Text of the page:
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​Hillary Clinton campaign goes on offense in South Carolina

Hillary Clinton conceded defeat in New Hampshire, saying she still loves the state
What does New Hampshire loss mean for Hillary Clinton? 07:37

NEW YORK, New York Following a tough loss to Bernie Sanders in the New Hampshire primary on Tuesday, Hillary Clinton's campaign is moving quickly to stake its claim on the race in South Carolina.

"Without question, she'll be able to win South Carolina," said South Carolina Minority Leader J. Todd Rutherford on a call with reporters on Wednesday afternoon, "with a broad base of support."

Rutherford formally offered his endorsement to Clinton earlier Wednesday at a press conference on the steps of the State House in Columbia. It was just one part of a timely push to get out ahead of Clinton's rival in the Palmetto State: the campaign also announced on Wednesday that Hillary and Bill Clinton would be visiting the state on Friday and Saturday. Other state Democrats will join the former president and Rutherford in campaigning for Clinton in the weeks to come.

Why is Hillary Clinton struggling with young voters? 07:31

Rutherford, who was joined on the call by Congressman Hakeem Jeffries and the president of the NAACP's New York State Conference, Hazel Dukes, said that Sanders has only just started to address the issues closest to the African American community, including criminal justice reform and the racial disparities in the American healthcare system.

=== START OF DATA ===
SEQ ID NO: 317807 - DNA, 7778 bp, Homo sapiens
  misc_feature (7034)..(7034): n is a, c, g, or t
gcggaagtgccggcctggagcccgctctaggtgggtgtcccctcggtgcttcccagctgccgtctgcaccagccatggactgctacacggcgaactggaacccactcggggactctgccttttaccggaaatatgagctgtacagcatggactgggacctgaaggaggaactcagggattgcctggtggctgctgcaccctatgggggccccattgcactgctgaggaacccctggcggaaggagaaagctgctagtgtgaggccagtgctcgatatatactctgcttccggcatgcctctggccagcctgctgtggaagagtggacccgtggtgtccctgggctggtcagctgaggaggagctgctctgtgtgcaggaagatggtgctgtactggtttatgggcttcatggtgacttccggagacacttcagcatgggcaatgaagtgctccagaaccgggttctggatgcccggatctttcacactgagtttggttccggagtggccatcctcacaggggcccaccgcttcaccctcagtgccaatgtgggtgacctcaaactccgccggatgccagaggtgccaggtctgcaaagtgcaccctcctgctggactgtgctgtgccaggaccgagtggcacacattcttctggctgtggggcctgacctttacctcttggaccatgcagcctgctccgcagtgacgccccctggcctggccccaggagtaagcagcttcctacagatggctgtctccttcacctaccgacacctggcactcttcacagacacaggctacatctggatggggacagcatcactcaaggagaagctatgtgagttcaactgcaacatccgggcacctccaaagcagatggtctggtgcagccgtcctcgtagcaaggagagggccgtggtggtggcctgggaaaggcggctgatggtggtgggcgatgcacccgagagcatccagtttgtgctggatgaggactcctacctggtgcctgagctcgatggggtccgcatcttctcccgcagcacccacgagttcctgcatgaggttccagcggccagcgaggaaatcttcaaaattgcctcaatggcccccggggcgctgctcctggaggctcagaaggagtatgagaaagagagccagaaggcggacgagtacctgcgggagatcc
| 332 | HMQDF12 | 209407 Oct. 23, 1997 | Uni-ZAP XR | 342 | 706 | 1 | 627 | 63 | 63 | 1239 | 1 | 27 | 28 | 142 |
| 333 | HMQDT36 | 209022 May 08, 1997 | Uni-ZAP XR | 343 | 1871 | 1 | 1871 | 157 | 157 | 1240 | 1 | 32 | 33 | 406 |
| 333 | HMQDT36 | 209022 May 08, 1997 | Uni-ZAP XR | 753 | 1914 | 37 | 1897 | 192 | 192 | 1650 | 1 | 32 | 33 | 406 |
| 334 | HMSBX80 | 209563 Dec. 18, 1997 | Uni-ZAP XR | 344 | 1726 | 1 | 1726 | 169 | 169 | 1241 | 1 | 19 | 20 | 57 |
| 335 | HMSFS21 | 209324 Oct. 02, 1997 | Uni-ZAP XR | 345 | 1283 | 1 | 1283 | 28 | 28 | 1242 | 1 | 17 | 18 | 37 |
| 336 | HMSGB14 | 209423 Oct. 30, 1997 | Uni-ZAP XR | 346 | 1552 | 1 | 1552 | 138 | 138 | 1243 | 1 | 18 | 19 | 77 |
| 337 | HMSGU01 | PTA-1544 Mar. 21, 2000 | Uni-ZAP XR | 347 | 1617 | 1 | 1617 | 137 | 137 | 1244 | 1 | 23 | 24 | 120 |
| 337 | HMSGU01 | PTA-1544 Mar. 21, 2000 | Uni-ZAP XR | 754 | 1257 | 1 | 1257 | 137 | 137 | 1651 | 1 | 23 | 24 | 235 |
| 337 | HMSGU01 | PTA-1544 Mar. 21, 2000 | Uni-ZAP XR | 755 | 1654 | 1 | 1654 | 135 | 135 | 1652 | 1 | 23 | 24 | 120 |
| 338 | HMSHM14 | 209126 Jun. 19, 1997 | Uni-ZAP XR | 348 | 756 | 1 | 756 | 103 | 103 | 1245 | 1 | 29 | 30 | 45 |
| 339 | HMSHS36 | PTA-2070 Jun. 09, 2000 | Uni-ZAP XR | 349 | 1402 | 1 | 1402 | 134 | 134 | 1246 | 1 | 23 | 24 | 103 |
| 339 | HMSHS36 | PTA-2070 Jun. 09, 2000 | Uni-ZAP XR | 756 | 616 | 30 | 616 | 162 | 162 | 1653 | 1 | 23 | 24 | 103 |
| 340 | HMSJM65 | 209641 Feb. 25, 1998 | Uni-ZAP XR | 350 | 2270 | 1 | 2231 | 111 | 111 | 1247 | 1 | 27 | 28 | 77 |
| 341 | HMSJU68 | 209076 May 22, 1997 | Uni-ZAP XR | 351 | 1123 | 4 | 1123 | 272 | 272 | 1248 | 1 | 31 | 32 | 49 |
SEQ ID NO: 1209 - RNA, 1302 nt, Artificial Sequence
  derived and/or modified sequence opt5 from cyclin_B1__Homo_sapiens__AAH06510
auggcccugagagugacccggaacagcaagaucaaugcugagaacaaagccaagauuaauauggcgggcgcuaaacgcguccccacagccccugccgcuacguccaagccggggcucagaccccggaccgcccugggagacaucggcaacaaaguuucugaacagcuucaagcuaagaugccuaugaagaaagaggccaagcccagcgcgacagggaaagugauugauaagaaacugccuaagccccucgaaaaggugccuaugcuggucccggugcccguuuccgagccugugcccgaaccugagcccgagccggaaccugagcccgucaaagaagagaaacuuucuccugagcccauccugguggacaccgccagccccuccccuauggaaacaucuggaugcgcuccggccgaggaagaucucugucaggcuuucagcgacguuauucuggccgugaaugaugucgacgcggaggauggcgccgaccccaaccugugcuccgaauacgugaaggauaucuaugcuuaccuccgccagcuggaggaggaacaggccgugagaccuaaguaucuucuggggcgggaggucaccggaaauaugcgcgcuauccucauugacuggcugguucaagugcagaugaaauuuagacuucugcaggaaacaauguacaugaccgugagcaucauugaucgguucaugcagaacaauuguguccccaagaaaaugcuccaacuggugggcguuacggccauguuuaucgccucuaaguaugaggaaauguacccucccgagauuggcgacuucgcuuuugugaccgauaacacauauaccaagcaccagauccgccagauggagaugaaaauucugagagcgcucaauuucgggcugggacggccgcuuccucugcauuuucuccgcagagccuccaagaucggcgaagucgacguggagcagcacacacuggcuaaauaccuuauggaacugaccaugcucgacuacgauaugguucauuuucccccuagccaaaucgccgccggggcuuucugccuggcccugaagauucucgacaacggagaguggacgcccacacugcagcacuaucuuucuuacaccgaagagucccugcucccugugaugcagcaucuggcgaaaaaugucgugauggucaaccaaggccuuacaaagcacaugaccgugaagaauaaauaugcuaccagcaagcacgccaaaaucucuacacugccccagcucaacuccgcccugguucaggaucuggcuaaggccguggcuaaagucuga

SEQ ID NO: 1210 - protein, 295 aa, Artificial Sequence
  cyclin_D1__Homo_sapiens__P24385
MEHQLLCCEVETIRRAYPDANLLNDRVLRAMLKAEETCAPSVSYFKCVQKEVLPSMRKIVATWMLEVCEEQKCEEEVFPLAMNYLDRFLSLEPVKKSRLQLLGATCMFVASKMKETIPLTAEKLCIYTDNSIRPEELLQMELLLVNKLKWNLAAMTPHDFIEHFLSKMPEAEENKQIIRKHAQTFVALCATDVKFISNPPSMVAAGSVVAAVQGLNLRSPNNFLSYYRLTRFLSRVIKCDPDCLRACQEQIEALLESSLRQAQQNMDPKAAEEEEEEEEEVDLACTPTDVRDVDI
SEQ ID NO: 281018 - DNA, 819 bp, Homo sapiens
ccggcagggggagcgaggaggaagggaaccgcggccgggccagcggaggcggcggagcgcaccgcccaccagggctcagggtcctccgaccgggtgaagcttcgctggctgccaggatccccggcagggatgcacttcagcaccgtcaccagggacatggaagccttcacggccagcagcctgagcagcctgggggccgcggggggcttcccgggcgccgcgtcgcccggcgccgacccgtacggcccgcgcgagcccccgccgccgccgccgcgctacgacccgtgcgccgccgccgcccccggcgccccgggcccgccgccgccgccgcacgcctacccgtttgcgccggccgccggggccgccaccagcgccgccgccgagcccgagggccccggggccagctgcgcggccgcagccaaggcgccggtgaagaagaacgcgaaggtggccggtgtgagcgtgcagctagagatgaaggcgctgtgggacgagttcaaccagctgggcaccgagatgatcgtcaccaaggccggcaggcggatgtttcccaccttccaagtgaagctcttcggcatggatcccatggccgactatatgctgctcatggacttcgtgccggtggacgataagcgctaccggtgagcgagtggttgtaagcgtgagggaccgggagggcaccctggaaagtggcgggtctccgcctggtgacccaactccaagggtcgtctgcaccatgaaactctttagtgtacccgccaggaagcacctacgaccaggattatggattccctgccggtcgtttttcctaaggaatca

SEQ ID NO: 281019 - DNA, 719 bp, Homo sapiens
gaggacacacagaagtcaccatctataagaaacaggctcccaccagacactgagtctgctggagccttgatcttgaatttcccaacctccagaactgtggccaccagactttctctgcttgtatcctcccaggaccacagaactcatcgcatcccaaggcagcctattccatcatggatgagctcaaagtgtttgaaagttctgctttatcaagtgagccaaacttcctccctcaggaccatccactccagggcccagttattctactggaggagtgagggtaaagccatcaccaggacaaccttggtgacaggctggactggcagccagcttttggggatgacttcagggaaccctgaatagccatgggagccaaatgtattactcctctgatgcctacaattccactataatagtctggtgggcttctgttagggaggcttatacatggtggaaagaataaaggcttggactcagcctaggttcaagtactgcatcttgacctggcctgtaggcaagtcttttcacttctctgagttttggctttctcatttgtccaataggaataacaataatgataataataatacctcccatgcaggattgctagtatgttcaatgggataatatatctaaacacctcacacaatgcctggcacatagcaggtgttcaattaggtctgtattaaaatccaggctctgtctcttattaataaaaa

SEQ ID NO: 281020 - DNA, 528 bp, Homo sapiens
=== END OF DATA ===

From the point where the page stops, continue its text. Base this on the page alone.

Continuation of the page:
"Secretary Clinton is the only one who will accomplish what needs to be done for the African American community," he said.

African Americans are expected to make up more than half of Democratic primary voters when the polls open on Feb. 27, and the Clinton campaign will be counting on their votes to give Clinton a needed boost and a clearer path toward the nomination.

Bernie Sanders is also reaching out African American voters. On Wednesday morning, he went to Harlem to meet with civil rights leader Al Sharpton and former NAACP president Benjamin Jealous.

Watch: Bernie Sanders meets with Rev. Al Sharpton in Harlem 02:30

The Sanders campaign has also been making a concerted effort to share Sanders' story with voters in South Carolina, as well as in Nevada and the March states, by adding staff and launching ad campaigns on television and the radio. Sanders himself often recounts his experience hearing Martin Luther King Jr. speak at the March on Washington when he was a college student at the University of Chicago, where he was also involved in fighting against housing segregation. Recent polling shows that it might be working: the latest CBS News Battleground Tracker showed him closing the gap with Clinton by 14 points in one month.

But Dukes, asked about Sanders' involvement in the march, said simply being present there does not prove Sanders' commitment to the African American community.

"I walked in Washington," she said. "Thousands of people walked in Washington."

Dukes said the contests in South Carolina and Nevada, where Democrats will caucus on February 20, will be when "America is seen in this race."

"Did you see any blacks, or anybody brown, in these two past elections?" she said. "We haven't seen America yet."

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